But move on you must, to be rewarded in more ways than one. Back on the path to the Krishna's Butter Ball — a huge, spherical monolith that is suspended impossibly on a slanting granite hillock, as if held by some invisible giant hand. The Ganesha Ratha, once a Shiva Temple, is now dedicated to the ascetic God's son.

The Trimurti Cave lauds the holy Trinity of Brahma, Vishnu and Shiva. Some, like the Dharmaraja Mandapam and the Ramanuja Mandapam, have not survived the intervening millennium with quite the same fortitude (the former is acknowledged as the oldest surviving monument in Mahabalipuram).

Browse for stone sculptures and other curios in the many shops thriving on tourist trade before you move on the mid-seventh century Shore Temple. Ringed with casuarina trees and granite boulders, the sea so close by that you can smell the salt and hear the waves, the setting of the Shore Temple is utterly magical. The structure is a jewel in the crown that Mahabalipuram wears so graciously. The pristine beach close by is known to be home to treacherous currents but remains a favourite spot for picnickers to stop and catch their breath.

The Pancharathas (or Five Chariots) are temples, which emulate the style of rathas or chariots. Until about 200 years ago, they had been lost to time, consumed by the sands upon which they had been set. The British excavated these beautiful examples of Pallava architecture, dedicated to the famous Pandava brothers and their equally legendary wife, Draupadi.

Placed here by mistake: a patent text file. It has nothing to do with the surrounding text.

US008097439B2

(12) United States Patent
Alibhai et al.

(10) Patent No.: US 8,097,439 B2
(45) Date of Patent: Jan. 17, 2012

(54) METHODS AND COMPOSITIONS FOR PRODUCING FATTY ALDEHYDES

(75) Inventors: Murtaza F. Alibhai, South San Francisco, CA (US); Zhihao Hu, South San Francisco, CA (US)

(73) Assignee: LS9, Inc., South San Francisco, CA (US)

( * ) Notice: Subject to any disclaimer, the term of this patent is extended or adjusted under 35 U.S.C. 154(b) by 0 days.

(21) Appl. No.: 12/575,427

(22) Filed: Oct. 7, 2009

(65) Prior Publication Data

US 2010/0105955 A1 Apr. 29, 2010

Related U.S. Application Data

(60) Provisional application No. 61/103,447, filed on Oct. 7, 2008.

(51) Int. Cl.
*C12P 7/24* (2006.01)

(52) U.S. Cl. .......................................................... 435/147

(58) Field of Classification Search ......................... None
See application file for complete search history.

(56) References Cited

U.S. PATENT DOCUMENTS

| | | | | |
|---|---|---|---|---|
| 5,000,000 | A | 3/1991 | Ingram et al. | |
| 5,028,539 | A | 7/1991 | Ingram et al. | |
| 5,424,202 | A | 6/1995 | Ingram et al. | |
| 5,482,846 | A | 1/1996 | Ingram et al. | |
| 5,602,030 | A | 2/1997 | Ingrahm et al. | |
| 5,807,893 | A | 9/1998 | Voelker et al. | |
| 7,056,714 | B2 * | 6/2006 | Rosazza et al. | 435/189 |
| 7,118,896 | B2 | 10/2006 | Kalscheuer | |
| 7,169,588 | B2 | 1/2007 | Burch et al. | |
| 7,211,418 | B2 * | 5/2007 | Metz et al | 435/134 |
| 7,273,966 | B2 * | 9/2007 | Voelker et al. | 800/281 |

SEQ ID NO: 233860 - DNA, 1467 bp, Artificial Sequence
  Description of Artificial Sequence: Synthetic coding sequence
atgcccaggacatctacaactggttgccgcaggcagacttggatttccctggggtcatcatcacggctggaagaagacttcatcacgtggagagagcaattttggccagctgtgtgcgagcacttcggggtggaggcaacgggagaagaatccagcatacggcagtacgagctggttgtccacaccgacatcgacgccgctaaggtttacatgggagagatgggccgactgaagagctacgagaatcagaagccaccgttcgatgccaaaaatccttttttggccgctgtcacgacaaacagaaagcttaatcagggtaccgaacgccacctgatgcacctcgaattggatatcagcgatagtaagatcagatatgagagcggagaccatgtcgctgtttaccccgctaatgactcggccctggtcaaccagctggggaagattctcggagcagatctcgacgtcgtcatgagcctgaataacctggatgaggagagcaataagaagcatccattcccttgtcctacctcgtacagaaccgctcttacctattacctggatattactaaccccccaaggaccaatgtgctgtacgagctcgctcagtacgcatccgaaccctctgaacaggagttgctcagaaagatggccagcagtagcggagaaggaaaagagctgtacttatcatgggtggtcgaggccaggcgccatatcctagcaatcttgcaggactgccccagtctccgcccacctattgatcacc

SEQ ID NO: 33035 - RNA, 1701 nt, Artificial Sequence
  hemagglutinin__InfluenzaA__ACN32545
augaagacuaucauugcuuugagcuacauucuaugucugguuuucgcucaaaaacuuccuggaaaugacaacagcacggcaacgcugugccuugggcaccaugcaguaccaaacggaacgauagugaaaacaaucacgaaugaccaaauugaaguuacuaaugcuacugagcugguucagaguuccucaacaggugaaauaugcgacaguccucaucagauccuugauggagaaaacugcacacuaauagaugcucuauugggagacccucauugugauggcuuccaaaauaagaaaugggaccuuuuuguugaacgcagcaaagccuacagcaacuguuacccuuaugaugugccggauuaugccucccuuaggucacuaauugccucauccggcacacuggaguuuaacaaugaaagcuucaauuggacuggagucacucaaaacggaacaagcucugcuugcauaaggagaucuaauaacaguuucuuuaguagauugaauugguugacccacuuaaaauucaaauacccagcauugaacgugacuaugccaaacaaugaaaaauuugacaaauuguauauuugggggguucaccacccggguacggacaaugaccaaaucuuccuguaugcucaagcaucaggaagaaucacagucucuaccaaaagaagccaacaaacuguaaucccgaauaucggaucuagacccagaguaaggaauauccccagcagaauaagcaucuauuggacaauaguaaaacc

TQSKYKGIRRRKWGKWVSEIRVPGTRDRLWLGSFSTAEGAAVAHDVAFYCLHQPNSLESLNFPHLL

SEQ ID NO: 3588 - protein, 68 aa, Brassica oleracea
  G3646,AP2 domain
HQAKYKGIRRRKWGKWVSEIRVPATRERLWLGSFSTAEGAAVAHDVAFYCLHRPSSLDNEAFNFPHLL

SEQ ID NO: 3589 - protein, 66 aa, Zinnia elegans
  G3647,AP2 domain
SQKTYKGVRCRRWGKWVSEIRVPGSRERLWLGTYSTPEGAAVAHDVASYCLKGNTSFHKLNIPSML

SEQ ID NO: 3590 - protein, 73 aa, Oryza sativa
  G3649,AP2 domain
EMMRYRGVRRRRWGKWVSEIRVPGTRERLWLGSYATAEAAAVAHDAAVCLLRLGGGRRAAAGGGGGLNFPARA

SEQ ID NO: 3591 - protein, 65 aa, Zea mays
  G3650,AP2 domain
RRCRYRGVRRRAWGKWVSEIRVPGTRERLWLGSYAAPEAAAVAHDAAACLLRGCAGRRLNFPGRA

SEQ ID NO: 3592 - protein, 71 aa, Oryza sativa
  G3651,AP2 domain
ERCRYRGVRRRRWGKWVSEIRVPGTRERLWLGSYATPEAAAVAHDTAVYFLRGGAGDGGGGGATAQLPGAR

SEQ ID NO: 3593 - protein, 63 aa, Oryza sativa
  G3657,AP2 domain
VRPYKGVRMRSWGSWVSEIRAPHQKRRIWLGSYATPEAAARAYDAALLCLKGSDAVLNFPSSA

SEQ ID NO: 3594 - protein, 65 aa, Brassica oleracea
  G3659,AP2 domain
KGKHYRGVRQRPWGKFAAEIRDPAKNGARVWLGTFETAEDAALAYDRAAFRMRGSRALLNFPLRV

The Draupadi Ratha is dedicated to Goddess Durga, the Arjuna Ratha to Lord Shiva (whose lingam has since been destroyed), the Bhima Ratha honours Mahavishnu in repose or Ananthashayanam, the Nakula-Sahadeva Ratha is the abode of Indra, the Rain God, while the tallest Dharmaraja Ratha salutes Harihara (the genesis of the omnipotent Shiva-Vishnu) and Ardhanareeshwara (the Shiva-Shakti embodiment of true equality between the sexes).

Standing at a strategic focal distance is the finest, life-size sculpture of an elephant, possibly anywhere in India.

With that, the visitor has been there and seen all places that Mahabalipuram is so famous for. But the whole is more than the sum of the parts. Mahabalipuram is lauded as the forerunner to grander ambitions, greater heights. But the imagination of its creators blessed it with a longevity they might themselves not have foreseen. Buffeted by the winds, never forgotten by time, Mahabalipuram will remain on your mind.

Picture by Bijoy Ghosh

Fact file

How to get there: Mahabalipuram is 50 km from Chennai, the nearest airport, down the southern East Coast Road. Plenty of public transport available though a personal drive is recommended.

Where to stay: A day-trip is ideal, though there are many lodges and hotels catering to any budget in Mahabalipuram itself. Just over 12 km away, on the road back to Chennai, is the swanky Taj Group property, Fisherman's Cove, which occupies a restored ancient fort near the old Kovalam fishing settlement.